Rolling Stones want to cancel their deal with fast-fashion brand Shein after just 1 week over labor abuse claims

November 29, 2022, 12:17 PM UTC
Ron Wood, Mick Jagger, and Keith Richards of the Rolling Stones on stage
The Rolling Stones were deeply concerned about allegations of labor abuse at Shein.
Nils Petter Nilsson—Getty Images

Just a week after announcing a merchandise deal with fast-fashion giant Shein, the Rolling Stones have demanded that their representatives terminate it immediately. 

The collection featuring the legendary British rock band was launched with the world’s biggest clothes retailer for the group’s 60th anniversary, featuring cheap clothes and accessories bearing the Stones’ iconic tongue-and-lips logo: One T-shirt with a dinosaur print went for $5.39, a phone case was $1.80, and a cap $6. 

However, just weeks before, Shein had been the focus of an investigation that found evidence of labor abuse in its supply chain. In at least two of its Chinese factories, the report found that workers were being made to do 18-hour days, seven days a week, with only one day off per month. Some were paid only 3 or 4 cents per item. 

The undercover investigation that aired in October—by British broadcaster Channel 4—was widely shared and prompted outrage, but it appeared to escape the band’s attention until recently. 

When the band was contacted by British newspaper i following the launch of “Shein x Rolling Stones,” they reportedly responded “within hours” calling for the deal’s end. 

The deal was signed by Bravado International Group Merchandising Services, owned by Universal Music Group, which bought the rights to the Rolling Stones’ entire back catalog of recorded music and video and the Stones brand in 2018. 

A spokesperson for the band said, “We do not want to be associated with Shein, having been made aware of the recent revelations about the treatment of workers in its supply chain,” and confirmed that the licensing agreement has been terminated effective immediately.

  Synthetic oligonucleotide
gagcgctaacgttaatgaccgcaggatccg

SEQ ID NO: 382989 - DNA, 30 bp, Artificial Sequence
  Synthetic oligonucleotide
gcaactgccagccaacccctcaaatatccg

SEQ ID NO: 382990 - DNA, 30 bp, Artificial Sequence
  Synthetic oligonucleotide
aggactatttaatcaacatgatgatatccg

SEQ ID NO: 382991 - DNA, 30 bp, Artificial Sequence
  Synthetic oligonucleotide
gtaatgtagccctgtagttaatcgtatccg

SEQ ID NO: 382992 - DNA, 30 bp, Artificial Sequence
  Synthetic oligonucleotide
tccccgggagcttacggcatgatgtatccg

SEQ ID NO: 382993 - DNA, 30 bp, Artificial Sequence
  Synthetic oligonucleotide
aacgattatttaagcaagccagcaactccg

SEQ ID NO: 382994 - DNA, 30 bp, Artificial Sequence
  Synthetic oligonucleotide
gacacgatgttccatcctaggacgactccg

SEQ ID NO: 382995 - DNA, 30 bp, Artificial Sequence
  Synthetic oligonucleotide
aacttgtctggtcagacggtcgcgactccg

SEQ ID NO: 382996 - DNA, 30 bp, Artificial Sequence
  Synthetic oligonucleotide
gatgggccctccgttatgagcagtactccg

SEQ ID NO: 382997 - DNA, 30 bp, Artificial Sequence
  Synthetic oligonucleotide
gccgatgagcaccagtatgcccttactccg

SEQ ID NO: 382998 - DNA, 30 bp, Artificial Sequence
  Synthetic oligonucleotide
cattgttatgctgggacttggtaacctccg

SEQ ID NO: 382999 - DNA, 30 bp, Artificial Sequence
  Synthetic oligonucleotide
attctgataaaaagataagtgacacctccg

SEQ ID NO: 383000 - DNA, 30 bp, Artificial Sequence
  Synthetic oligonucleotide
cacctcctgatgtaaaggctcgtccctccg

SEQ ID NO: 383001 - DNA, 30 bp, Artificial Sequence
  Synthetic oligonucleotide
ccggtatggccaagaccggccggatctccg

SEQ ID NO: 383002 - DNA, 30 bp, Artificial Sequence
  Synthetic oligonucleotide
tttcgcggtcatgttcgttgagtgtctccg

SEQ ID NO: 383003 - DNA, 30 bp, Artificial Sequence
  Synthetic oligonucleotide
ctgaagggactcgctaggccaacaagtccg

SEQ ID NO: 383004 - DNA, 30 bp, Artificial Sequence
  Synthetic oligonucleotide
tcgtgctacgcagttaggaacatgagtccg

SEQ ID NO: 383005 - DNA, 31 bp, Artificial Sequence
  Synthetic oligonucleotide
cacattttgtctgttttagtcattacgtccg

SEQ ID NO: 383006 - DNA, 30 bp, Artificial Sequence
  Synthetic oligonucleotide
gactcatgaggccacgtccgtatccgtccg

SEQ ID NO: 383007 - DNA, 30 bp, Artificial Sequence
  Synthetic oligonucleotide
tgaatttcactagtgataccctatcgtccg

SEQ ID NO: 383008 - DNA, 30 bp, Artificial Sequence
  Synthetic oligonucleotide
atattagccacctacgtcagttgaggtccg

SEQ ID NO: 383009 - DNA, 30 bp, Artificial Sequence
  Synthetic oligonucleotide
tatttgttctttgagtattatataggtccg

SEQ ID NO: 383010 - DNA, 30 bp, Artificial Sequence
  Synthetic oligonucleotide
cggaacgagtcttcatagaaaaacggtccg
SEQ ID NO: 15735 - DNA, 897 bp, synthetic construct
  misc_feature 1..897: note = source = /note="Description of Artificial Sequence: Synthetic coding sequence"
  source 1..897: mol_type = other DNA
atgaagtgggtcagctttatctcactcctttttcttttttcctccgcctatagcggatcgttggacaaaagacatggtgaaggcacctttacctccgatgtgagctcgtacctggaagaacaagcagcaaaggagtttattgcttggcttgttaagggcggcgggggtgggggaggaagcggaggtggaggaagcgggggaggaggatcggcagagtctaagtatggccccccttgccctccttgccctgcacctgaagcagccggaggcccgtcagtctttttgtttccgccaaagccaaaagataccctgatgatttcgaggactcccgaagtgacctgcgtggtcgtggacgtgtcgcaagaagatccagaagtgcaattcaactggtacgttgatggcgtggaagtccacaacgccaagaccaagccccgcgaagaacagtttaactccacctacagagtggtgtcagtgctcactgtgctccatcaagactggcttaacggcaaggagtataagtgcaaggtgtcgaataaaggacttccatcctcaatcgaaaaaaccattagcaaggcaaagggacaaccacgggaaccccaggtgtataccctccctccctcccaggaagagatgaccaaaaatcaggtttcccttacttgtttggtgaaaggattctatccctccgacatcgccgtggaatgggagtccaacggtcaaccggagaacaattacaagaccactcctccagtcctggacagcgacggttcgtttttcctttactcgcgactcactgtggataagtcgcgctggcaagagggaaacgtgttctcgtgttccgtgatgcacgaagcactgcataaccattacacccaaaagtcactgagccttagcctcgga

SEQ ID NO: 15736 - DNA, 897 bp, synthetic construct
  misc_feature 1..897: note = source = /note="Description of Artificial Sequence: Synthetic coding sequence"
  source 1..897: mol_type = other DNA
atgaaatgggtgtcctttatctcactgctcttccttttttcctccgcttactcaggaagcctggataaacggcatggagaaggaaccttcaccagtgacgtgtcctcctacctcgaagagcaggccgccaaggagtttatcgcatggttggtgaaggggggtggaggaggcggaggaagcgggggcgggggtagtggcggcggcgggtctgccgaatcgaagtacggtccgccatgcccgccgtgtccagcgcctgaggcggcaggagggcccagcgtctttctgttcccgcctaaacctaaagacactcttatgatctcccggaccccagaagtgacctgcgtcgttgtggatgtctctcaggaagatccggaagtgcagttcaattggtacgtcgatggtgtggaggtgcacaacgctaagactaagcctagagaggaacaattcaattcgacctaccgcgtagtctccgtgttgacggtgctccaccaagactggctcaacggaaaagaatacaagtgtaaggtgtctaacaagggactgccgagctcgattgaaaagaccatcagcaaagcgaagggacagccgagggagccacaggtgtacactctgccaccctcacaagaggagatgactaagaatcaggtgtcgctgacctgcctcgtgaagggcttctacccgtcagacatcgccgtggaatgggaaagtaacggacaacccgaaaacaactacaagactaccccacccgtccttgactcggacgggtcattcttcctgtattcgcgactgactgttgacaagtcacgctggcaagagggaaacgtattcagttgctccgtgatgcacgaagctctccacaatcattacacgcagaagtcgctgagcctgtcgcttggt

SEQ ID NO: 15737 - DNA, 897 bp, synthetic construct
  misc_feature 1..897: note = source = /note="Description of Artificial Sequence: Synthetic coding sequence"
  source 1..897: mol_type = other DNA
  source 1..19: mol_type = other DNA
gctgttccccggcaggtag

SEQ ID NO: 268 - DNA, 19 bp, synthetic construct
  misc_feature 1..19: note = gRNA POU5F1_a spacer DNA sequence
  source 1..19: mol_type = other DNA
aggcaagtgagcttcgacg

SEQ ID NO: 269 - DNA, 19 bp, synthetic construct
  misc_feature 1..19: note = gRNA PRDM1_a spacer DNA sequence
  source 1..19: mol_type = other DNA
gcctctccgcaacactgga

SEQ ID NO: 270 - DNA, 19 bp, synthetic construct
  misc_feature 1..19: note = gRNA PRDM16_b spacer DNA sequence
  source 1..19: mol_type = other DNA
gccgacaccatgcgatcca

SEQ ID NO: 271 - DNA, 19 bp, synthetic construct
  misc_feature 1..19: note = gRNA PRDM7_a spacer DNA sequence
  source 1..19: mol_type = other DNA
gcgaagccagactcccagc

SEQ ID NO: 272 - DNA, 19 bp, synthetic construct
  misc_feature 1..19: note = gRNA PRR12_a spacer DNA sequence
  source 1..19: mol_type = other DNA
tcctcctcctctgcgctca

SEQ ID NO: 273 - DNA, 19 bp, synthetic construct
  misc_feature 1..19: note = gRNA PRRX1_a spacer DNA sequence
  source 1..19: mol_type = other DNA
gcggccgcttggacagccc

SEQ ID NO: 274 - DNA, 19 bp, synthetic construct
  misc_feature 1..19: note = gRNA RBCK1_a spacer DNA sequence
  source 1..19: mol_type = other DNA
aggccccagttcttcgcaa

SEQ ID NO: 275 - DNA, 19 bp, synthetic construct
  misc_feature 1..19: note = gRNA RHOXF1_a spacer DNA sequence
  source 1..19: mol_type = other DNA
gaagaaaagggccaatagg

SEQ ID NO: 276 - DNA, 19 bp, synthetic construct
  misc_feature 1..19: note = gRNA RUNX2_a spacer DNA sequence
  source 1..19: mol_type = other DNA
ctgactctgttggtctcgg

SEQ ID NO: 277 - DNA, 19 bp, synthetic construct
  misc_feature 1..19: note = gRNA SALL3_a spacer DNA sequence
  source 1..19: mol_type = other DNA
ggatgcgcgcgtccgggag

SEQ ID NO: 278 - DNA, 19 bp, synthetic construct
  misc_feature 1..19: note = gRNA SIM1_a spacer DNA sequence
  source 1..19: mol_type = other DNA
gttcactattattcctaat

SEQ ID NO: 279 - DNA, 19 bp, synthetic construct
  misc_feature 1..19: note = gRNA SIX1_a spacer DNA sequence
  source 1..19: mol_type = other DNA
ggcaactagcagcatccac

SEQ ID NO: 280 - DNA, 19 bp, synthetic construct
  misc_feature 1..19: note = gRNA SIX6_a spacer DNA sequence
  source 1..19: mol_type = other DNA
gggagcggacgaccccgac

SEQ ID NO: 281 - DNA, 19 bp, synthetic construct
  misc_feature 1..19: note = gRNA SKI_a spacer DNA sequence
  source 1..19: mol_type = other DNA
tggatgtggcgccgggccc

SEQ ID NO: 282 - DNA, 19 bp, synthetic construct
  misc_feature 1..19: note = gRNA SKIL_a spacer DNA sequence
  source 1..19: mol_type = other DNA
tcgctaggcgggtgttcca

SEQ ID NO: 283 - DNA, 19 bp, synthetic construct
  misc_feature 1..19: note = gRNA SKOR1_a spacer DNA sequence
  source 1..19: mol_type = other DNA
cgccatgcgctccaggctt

Fast fashion still rises 

Shein had previously come under fire for labor violations after a probe in 2021 found that staff had been working 75-hour weeks, violating local labor laws. 

Despite the revelations, Shein remains the world’s third most valuable startup behind ByteDance, the Chinese parent of TikTok, and Elon Musk’s SpaceX. Shein is now worth more than H&M and Zara-parent Inditex combined, according to Bloomberg

In the first half of 2022, Shein sold $16 billion worth of merchandise and forecasts $30 billion in sales for the whole of the year. 

In answer to Fortune’s request for comment, the company replied:  

“Shein takes the welfare of workers at its suppliers extremely seriously and does not tolerate forced labour.

“Our Supplier Code of Conduct is aligned with International Labour Organization core conventions, all local laws and regulations, with penalties that include the termination of business partnership for those suppliers and manufacturers who do not remediate their practices.

“Through the Shein Responsible Sourcing Programme, we work with leading agencies to conduct ongoing, unannounced audits of our supply chain, which have confirmed no forced labour violations.”

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